Thanks largely to his Ricky Rubio tutorial, he has greatly improved his ability to cut to the basket off of the pick-and-roll. (The Thunder’s anticipation of this action, their ability to rotate and meet Love at the rim as he rolled, was their signature defensive move of the overtime periods.) He has developed a solid, well-balanced post game. He is hitting face-up jumpers. And, amazingly, he has been able to translate the respect that his outside shot has granted him into an ability to use up-fakes, sweep-throughs and escape dribbles to drive to the basket. When you remember how awkward and slow he looked when attempting to post-up or put the ball on the floor earlier in his career, you will realize how astonishing all of this is. This patchwork of shooting, off-the-ball movement, a traditional back-to-the-basket-game and sheer, gritty role-player effort (see: all of those follows and fouls off of offensive rebounds), is a pretty unprecedented model of elite scoring. But look at that stat line again and there it is. Dude had 51 points.
There was another upper-echelon scorer in the house on Friday night, of course, one who, unlike our guy, really looks the part. Each time Durant sauntered across half-court with the Thunder needing a basket to tie or go ahead, Rick Adelman chose to single-cover him with Tolliver. And who can blame him: neither Martell Webster nor Wes Johnson were able to lay a glove on KD in their time on the floor. And as for not double-teaming: you know that if the Wolves had sent help at Durant, the ball would have ended up in the hands of Harden or Westbrook with a rotating defender racing to close the gap. Considering how cruelly efficient those two had been all game, I have a pretty clear picture in my mind of how that would have ended.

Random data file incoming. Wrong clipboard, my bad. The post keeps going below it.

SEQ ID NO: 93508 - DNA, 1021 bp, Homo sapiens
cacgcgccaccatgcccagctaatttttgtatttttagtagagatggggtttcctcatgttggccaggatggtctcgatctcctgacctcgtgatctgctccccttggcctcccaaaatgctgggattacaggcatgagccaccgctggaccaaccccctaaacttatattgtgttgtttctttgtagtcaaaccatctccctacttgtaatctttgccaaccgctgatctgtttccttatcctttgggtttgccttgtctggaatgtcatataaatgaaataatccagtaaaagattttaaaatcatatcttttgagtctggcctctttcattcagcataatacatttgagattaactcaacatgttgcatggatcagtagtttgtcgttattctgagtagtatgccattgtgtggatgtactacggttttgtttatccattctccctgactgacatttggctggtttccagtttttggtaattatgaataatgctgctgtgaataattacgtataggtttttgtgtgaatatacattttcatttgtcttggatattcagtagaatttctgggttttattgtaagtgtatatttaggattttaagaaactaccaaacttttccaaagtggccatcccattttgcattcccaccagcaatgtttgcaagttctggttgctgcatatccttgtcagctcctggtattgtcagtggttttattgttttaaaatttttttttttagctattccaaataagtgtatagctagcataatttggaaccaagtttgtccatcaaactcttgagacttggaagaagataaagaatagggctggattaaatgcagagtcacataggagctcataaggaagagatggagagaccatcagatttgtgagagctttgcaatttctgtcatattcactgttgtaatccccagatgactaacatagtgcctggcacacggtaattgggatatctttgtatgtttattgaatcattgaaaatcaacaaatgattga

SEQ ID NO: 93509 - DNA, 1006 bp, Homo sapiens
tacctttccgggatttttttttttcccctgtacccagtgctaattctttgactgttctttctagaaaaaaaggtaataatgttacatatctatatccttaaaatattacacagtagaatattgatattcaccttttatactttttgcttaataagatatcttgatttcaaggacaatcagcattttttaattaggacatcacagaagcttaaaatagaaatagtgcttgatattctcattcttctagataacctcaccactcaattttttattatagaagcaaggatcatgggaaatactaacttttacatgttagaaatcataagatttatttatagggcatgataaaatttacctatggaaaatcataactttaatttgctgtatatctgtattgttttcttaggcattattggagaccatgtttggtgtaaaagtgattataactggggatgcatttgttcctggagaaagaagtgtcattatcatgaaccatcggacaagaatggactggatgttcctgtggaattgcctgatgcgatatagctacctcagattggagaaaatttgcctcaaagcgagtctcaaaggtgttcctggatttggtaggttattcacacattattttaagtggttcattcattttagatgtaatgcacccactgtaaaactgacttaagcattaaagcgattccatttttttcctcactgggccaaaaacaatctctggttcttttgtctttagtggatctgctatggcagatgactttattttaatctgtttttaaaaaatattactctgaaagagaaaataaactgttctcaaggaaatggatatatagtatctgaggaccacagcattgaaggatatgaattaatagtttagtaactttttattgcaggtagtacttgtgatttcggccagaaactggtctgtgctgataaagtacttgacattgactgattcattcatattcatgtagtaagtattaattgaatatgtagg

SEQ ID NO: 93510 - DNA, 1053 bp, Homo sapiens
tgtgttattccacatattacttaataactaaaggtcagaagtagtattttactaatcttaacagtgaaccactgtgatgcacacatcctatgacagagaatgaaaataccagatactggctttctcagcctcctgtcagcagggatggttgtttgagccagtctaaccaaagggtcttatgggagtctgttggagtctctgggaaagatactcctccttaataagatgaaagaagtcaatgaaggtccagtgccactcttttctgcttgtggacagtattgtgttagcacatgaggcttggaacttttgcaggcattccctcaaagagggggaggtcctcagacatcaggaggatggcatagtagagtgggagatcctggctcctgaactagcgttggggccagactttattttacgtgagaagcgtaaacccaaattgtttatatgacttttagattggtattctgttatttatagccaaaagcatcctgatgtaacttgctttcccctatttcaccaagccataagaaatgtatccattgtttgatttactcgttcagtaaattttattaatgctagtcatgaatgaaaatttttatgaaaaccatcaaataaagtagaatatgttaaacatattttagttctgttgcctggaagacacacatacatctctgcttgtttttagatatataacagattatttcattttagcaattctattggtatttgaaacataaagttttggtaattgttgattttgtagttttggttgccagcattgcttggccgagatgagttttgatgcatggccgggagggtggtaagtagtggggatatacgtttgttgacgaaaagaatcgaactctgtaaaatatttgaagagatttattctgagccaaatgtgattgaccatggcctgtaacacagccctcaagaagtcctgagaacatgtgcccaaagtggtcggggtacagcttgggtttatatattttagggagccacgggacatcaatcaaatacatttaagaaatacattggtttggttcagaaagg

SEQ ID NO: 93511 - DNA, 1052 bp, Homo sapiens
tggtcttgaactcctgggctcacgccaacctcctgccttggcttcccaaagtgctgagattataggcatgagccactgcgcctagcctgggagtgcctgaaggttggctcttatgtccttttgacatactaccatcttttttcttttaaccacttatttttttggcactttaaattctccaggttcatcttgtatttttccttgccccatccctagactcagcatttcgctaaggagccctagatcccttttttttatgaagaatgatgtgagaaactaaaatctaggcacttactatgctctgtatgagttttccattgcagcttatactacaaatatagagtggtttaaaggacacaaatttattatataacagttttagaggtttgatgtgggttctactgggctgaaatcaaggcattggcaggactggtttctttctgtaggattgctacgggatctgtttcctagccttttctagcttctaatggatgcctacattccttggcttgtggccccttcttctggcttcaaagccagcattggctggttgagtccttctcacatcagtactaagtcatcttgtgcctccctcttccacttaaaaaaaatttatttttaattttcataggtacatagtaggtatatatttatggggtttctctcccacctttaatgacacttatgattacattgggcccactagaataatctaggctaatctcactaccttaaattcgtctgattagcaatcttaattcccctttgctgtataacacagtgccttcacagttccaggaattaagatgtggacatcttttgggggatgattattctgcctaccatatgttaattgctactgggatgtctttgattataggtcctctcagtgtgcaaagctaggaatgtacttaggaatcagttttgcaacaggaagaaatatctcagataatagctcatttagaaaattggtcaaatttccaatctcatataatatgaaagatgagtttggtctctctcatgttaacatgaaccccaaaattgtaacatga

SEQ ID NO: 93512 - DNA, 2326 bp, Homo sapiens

In the event, Tolliver chose to give Durant space and attempt to force him right, into the help defense. Durant took one good look at that space, unleashed his silvery crossover and found himself wide open, AT comfortably out of his line of vision, free to gently feather the ball into the hoop. Even more central than Westbrook’s epic shredding, or the game’s playoff intensity, the Wolves protracted comeback and the nauseating, occasionally sudden, ebbs and flows in momentum, was the duel between Love and Durant. Love answers KD’s stick with his own icy, game-tying three to end regulation. Durant calmly hits from the corner to tie the game in the first OT. Finally, in the second overtime, with the Wolves running out of gas, unable to hit shots or run with the Thunder in transition, Durant drove the nail: a gentle baseline fade, balanced and effortless despite inclining his body nearly parallel with the ground. This really was an amazing game.